Trekking in Papua New Guinea

Lonely Planet Travel Editor Tom Hall is on a mission to discover 52 of the most awe-inspiring places to visit across the world. This week Tom gets active in Papua New Guinea.

Papua New Guinea

Papua New Guinea’s obscurity hides a wealth of treasures. It occupies about half of the island of Papua plus a host of outlying islands doing their best impersonation of paradise.

Papua New Guinea is best known, however for its dramatic Highlands. The fertile valleys, soaring mountains and raging rivers are home to often outlandishly dressed local tribes, some of whom met Europeans as late as the 1930s. Taboos, ancestor worship and tribal ties are still very much observed, making meeting the locals a fascinating experience.

Why go to Papua New Guinea?

The real reason to come to Papua New Guinea though is to get active. The Sepik River is an opportunity for a classic adventure – travellers can paddle between stilt villages, spotting birds of paradise and enjoying sunsets on flower-strewn waters.

Try one of the world's greatest walks

The Kokoda Track is rightly heralded as one of the world’s greatest walks. This path, crossing the Owen Stanley Range became one of the great battlegrounds of WWII. Here Australians and Japanese soldiers scrapped over 60 miles of mountainous jungle during 1942 and into 1943, with nearly 20,000 fatalities. Today the six-to nine-day trek is a pilgrimage for some and a highlight for everyone who undertakes it.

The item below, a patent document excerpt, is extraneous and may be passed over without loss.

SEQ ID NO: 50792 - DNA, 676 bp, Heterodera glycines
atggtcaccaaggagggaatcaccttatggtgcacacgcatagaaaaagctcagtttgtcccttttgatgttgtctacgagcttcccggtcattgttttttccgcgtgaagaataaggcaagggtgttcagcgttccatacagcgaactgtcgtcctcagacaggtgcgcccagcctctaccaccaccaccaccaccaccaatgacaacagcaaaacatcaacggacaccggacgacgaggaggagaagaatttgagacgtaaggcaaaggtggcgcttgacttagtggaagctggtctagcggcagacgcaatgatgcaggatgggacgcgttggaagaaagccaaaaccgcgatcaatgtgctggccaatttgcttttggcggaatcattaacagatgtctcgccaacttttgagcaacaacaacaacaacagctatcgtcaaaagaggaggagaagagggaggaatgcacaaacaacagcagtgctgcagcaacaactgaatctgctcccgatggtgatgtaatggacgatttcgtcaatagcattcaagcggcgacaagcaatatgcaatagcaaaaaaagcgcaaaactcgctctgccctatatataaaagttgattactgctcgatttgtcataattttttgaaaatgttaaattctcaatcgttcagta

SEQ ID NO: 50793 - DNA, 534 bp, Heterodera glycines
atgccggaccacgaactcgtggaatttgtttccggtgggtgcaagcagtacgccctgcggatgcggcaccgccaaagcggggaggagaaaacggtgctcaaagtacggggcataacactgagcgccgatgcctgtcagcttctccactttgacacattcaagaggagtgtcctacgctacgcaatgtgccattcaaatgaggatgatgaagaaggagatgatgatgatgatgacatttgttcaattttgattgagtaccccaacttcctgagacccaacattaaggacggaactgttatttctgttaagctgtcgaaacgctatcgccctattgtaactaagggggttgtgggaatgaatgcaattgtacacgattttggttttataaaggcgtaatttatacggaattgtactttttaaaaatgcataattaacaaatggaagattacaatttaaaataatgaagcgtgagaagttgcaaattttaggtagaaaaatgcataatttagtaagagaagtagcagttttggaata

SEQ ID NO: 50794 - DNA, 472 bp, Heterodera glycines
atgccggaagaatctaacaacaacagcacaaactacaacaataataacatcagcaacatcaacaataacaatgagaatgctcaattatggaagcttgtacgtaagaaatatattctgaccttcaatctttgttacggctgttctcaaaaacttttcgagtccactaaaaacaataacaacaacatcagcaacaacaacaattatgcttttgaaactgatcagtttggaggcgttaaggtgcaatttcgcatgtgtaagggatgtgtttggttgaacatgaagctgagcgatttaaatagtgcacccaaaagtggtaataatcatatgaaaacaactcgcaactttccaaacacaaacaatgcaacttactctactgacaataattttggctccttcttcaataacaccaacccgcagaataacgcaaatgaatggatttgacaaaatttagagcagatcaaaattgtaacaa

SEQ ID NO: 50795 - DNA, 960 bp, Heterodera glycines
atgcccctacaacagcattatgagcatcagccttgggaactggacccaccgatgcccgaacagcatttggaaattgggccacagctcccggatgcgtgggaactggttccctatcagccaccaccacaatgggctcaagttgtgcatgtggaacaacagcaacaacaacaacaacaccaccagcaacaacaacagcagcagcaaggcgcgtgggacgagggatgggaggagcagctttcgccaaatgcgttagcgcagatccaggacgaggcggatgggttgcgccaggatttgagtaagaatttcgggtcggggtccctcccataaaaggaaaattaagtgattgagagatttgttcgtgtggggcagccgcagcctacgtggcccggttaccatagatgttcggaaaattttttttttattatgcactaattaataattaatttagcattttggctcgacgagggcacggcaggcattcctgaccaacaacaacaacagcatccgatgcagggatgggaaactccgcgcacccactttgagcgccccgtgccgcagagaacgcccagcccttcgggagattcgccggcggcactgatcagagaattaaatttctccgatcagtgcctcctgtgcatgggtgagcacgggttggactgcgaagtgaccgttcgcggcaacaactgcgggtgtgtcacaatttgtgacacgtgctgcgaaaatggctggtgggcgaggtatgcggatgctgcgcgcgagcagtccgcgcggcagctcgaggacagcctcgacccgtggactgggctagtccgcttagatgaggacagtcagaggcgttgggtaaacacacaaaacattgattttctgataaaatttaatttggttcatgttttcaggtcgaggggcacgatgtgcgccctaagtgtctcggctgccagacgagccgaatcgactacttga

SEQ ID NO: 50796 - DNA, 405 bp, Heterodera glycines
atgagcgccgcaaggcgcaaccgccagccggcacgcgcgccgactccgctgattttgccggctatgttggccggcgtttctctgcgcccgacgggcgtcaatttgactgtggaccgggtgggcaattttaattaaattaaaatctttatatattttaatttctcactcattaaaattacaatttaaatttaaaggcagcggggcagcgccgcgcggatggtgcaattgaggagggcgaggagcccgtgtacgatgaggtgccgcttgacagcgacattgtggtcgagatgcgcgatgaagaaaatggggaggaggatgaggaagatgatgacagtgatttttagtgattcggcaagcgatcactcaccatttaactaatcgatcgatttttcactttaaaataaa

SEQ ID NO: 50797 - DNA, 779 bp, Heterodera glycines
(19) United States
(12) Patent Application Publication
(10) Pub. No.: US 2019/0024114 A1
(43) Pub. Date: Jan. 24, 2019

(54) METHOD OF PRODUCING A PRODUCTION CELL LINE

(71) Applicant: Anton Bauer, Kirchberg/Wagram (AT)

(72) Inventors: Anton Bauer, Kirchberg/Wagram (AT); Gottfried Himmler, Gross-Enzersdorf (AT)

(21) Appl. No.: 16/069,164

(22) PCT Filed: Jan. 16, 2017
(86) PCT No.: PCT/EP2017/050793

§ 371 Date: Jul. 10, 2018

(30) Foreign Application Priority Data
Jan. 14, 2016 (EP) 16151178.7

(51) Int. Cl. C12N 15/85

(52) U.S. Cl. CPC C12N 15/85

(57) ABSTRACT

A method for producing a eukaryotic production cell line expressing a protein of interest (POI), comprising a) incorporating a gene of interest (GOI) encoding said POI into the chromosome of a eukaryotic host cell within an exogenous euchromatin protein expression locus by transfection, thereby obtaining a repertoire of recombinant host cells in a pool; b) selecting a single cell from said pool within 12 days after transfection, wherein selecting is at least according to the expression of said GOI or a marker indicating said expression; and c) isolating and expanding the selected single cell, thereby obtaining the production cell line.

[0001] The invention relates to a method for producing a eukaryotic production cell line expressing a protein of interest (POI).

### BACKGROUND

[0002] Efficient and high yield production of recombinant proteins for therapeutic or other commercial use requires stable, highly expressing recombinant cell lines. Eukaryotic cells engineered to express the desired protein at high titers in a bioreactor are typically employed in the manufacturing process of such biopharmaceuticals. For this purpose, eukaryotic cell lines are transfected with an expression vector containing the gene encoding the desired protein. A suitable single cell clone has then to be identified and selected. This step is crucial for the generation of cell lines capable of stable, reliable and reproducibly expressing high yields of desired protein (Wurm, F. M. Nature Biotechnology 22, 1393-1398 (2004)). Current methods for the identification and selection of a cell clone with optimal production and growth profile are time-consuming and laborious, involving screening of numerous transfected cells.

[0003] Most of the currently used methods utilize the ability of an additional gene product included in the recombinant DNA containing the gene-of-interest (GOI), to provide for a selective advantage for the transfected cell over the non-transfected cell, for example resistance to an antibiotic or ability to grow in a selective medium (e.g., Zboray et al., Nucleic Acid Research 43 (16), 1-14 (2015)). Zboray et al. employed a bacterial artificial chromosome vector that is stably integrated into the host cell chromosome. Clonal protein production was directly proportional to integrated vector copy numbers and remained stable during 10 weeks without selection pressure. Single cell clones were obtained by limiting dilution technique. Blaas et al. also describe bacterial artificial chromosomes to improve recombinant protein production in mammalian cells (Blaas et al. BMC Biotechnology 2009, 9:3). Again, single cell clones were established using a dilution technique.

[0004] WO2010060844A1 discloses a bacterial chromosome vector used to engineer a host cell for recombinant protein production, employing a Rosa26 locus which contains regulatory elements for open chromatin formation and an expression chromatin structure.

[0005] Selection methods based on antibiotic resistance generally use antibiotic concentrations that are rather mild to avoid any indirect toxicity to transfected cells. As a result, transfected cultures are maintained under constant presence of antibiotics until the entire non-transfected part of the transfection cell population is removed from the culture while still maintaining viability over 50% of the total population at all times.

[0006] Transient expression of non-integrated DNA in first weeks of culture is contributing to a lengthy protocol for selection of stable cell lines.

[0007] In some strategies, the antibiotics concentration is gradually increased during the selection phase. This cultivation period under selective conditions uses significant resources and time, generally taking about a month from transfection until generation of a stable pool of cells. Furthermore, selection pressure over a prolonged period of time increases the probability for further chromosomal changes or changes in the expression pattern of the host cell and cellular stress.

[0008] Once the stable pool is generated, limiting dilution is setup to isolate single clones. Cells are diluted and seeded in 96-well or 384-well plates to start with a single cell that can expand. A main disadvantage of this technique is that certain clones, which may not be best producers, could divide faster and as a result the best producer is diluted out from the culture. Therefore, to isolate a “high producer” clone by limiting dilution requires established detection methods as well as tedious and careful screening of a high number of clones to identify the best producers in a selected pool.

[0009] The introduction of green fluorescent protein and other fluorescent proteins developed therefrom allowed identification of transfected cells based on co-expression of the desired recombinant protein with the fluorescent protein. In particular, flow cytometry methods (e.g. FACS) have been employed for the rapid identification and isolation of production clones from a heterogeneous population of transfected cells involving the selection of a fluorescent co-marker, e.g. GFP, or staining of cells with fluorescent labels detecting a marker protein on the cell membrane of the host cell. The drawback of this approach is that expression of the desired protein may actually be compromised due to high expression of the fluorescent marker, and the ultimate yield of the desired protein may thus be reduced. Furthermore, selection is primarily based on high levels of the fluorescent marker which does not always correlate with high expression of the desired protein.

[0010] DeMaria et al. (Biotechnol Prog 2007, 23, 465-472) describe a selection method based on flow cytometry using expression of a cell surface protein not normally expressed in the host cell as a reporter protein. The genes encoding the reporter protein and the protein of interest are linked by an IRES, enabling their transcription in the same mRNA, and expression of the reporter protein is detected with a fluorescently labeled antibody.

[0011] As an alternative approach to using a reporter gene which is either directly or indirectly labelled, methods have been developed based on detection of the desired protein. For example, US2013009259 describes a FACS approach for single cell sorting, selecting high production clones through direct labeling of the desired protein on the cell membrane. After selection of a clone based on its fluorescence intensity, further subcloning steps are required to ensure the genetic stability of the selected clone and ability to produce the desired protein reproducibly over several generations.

Planning your trip to Papua New Guinea

August is cooler and drier than at other times of year, making it the best time to tackle either river or mountain. Attempting either can help make Papua into a more affordable destination. Most other travel is by plane which becomes expensive quickly – stay on land and keep the costs down.

Further information

For a very wild country Papua New Guinea has some excellent digital information. PNG Tourism has a mix of official information and links to tour companies.

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